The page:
Is Amazon Bad for Residents?
See what has been reported about Amazon in other communities, and judge for yourself.
As COVID-19 creates a boom in internet retail, companies like Amazon are going into overdrive. Labor organizers and environmental health activists are rising to the moment and confronting the wizard behind the curtain of online shopping: the logistics operations that are as problematic as they are profitable.
New York's top prosecutor has accused Amazon of falling short of health and safety laws in its response to the coronavirus pandemic. In a lawsuit, Attorney General Letitia James said Amazon had displayed a "flagrant disregard" for the rules and illegally retaliated against workers who raised concerns. Amazon last week attempted to block the lawsuit with its own legal action. It said Ms James was applying "an inconsistent and unfair" standard.
Amazon workers in France, Italy, Spain & Poland strike over labour conditions during COVID-19 pandemic
In France, Italy, Spain and Poland, workers say they have little choice but to keep working despite the risk of coronavirus infection. Amazon faces a rash of strikes and protests at sites across Europe as warehouse workers lash out over what they say are gruelling labor conditions, minimal protection and the risk of infection after several employees tested positive for coronavirus...“People are afraid,” said Agnieszka Mróz, a packer in Amazon’s warehouse in Poznań in western Poland and an activist at Inicjatywa Pracownicza (the Workers' Initiative), a trade union. “This company is using our health to make a big fortune."
ARLINGTON, Va. — Amazon deliveries may be delayed for some folks because of the coronavirus, but construction of Amazon’s Virginia headquarters is moving right along, with piledriving work so loud it’s driving the stuck-at-home neighbors crazy. For weeks on end, the relentless clang and bang from construction equipment preparing foundations for the online giant’s new headquarters has reverberated throughout Arlington County’s Pentagon City neighborhood.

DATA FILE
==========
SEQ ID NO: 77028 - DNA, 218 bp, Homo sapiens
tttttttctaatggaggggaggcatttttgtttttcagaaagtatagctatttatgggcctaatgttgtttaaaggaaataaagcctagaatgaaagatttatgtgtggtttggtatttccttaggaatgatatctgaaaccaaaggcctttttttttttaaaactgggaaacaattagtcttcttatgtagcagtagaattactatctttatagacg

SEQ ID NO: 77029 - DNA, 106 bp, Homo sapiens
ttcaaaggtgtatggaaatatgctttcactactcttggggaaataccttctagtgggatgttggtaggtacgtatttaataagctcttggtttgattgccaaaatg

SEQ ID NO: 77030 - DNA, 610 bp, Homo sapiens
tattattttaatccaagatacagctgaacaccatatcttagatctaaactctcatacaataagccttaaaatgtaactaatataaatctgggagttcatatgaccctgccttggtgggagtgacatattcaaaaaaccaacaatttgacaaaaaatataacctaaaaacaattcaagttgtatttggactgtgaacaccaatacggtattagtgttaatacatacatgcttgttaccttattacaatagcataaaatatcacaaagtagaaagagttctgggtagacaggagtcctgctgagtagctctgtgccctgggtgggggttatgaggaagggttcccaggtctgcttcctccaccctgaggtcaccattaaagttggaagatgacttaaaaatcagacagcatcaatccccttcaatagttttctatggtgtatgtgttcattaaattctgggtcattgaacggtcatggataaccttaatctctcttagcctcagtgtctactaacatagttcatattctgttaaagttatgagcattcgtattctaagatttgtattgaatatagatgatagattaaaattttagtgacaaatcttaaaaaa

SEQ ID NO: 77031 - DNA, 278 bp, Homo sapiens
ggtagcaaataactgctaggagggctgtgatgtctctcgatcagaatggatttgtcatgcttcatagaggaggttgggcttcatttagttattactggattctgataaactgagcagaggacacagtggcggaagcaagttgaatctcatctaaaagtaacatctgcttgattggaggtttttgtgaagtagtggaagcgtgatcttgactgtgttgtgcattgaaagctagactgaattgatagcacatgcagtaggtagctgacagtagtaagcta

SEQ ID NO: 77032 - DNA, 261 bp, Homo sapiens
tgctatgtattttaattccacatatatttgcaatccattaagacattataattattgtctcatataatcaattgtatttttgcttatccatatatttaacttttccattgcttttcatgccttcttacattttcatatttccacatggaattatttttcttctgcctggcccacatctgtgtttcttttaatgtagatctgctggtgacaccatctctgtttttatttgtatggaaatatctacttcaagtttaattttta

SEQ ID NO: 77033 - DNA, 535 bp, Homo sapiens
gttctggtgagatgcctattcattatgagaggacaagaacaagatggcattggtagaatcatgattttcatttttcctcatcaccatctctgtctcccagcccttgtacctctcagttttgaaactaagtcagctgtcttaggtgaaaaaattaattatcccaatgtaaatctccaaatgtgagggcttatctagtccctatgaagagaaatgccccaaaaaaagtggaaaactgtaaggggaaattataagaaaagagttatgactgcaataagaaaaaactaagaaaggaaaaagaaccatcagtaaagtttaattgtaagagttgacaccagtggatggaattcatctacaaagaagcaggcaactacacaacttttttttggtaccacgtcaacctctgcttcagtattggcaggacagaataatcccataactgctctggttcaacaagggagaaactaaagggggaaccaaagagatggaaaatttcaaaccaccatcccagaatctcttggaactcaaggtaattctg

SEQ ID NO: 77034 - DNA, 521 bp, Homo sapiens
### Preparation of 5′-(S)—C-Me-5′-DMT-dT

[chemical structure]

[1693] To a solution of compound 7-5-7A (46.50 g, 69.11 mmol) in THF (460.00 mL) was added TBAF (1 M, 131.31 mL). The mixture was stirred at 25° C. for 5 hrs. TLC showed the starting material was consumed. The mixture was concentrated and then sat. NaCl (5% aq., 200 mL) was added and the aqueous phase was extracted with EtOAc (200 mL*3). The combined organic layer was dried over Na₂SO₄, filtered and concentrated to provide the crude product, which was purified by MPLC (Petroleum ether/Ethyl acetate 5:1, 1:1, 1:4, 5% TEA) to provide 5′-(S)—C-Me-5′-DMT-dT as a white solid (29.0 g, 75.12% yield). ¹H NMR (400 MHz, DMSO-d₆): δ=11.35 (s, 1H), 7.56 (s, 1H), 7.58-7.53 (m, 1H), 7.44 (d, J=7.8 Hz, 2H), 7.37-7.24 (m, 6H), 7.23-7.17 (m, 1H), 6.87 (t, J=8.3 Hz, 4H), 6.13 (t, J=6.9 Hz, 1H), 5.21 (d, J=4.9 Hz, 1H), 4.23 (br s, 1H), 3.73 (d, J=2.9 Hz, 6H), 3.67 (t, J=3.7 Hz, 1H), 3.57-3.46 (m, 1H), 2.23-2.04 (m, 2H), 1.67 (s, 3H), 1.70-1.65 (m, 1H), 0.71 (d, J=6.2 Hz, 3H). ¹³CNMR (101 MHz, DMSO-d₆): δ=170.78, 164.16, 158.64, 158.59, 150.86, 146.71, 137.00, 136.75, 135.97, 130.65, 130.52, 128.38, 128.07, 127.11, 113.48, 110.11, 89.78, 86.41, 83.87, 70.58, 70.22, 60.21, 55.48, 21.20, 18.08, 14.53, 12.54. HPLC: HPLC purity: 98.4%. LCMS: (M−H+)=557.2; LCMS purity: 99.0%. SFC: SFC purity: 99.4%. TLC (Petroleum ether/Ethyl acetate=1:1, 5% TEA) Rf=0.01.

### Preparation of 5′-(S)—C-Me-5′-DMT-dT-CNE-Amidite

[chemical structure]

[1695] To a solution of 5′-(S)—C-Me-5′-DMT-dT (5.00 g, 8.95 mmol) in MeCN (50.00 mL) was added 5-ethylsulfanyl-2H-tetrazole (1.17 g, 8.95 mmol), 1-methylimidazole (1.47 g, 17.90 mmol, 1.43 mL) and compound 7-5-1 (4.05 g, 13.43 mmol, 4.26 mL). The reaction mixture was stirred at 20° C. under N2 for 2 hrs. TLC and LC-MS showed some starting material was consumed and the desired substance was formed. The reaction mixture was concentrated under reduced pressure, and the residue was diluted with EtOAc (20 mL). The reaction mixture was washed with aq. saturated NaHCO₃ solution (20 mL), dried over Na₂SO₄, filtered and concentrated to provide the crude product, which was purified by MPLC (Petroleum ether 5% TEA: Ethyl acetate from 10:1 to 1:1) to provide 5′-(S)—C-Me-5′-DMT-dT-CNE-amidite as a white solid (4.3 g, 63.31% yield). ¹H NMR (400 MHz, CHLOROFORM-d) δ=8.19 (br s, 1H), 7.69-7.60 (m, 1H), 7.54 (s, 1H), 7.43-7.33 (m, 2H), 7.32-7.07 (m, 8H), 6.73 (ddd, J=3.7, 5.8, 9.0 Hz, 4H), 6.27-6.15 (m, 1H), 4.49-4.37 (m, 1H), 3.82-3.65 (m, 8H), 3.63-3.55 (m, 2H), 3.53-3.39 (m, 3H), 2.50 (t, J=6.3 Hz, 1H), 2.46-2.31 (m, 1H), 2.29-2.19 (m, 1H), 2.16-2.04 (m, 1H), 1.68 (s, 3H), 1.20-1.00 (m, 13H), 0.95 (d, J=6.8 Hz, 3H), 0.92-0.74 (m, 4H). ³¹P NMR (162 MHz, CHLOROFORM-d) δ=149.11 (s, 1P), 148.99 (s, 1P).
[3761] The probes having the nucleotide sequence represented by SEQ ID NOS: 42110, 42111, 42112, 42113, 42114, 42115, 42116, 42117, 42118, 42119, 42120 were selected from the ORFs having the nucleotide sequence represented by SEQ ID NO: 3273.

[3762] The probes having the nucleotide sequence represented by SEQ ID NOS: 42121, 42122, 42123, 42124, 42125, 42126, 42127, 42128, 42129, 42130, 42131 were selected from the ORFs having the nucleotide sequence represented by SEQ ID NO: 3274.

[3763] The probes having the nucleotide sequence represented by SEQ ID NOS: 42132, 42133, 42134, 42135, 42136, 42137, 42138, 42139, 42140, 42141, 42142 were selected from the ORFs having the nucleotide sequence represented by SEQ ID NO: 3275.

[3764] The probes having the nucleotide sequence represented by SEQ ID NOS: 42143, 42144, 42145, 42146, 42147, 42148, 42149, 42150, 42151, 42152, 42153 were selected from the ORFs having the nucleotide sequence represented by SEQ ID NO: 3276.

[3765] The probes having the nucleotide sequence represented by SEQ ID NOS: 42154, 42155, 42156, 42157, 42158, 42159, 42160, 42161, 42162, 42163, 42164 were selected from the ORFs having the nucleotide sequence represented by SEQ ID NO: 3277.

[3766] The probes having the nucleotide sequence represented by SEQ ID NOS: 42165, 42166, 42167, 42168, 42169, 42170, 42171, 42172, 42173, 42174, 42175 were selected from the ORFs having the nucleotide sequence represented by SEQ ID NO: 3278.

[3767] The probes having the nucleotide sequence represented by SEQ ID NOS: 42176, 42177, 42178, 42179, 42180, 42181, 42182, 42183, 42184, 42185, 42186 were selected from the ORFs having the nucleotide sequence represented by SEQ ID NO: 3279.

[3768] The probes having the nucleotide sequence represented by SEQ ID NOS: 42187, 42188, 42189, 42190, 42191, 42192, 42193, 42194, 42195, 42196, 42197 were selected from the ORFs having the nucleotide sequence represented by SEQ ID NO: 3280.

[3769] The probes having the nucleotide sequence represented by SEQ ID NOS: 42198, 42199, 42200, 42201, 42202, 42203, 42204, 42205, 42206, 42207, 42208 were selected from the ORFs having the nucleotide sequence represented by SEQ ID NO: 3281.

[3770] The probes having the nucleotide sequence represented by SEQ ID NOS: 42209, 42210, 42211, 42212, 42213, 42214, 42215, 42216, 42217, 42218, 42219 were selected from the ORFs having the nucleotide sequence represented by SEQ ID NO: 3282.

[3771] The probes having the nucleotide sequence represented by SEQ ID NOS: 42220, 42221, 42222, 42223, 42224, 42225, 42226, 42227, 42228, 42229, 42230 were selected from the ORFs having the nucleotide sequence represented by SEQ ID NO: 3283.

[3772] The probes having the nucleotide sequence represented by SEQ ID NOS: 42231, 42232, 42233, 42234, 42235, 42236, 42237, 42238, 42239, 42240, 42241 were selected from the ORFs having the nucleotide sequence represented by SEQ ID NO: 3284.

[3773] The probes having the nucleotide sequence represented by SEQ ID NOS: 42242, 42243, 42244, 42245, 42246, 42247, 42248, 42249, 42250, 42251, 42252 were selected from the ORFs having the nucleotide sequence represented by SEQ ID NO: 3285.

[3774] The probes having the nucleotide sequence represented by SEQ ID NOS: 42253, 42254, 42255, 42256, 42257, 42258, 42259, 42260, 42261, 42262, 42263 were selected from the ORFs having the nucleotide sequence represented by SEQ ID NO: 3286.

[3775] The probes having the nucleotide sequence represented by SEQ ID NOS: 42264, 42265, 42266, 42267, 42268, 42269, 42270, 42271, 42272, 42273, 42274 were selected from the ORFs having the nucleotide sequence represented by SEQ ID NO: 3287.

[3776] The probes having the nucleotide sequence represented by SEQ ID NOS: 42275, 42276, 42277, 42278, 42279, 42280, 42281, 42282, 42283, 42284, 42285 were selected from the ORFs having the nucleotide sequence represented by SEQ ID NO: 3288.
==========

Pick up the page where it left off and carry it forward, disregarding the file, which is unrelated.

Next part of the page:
The Grand Island Town Board spoke with local residents Monday night about the proposed 3.8 million-square-foot Amazon warehouse, also known as Project Olive. They were met by a majority of speakers and protestors who opposed the project and are asking for multiple public hearings before any final decisions are made.
‘Amazon is not taking care of us’: Warehouse workers say they’re struggling to get paid despite sick leave policy
Bad for the EnvironmentSharlene wanted to continue reporting to her job at Amazon. She needed the money to pay her bills and support her family. But after a trip to the emergency room, Sharlene, who didn’t want her full name used out of fear of retribution from her employer, was instructed to self-quarantine. She was experiencing shortness of breath and worried that her weak immune system, asthma and COPD, a lung disease, would put her at risk if she returned to work. Bad for the Environment
'We Were Proven Right,' Says AOC After Amazon Expands in New York Without Taking Billions in Public Cash
Rep. Alexandria Ocasio-Cortez suggested the Trump administration "focus more on cutting public assistance to billionaires instead of poor families" after news broke Friday that Amazon was expanding its presence in New York City without the state giving the company billions in tax incentives.
As 'Corporate Bribery' Lands Amazon HQ2 in Queens, Ocasio-Cortez Says 'Outrage' Best Describes Community Response
The idea that Amazon "will receive hundreds of millions of dollars in tax breaks at a time when our subway is crumbling and our communities need more investment, not less, is extremely concerning to residents here."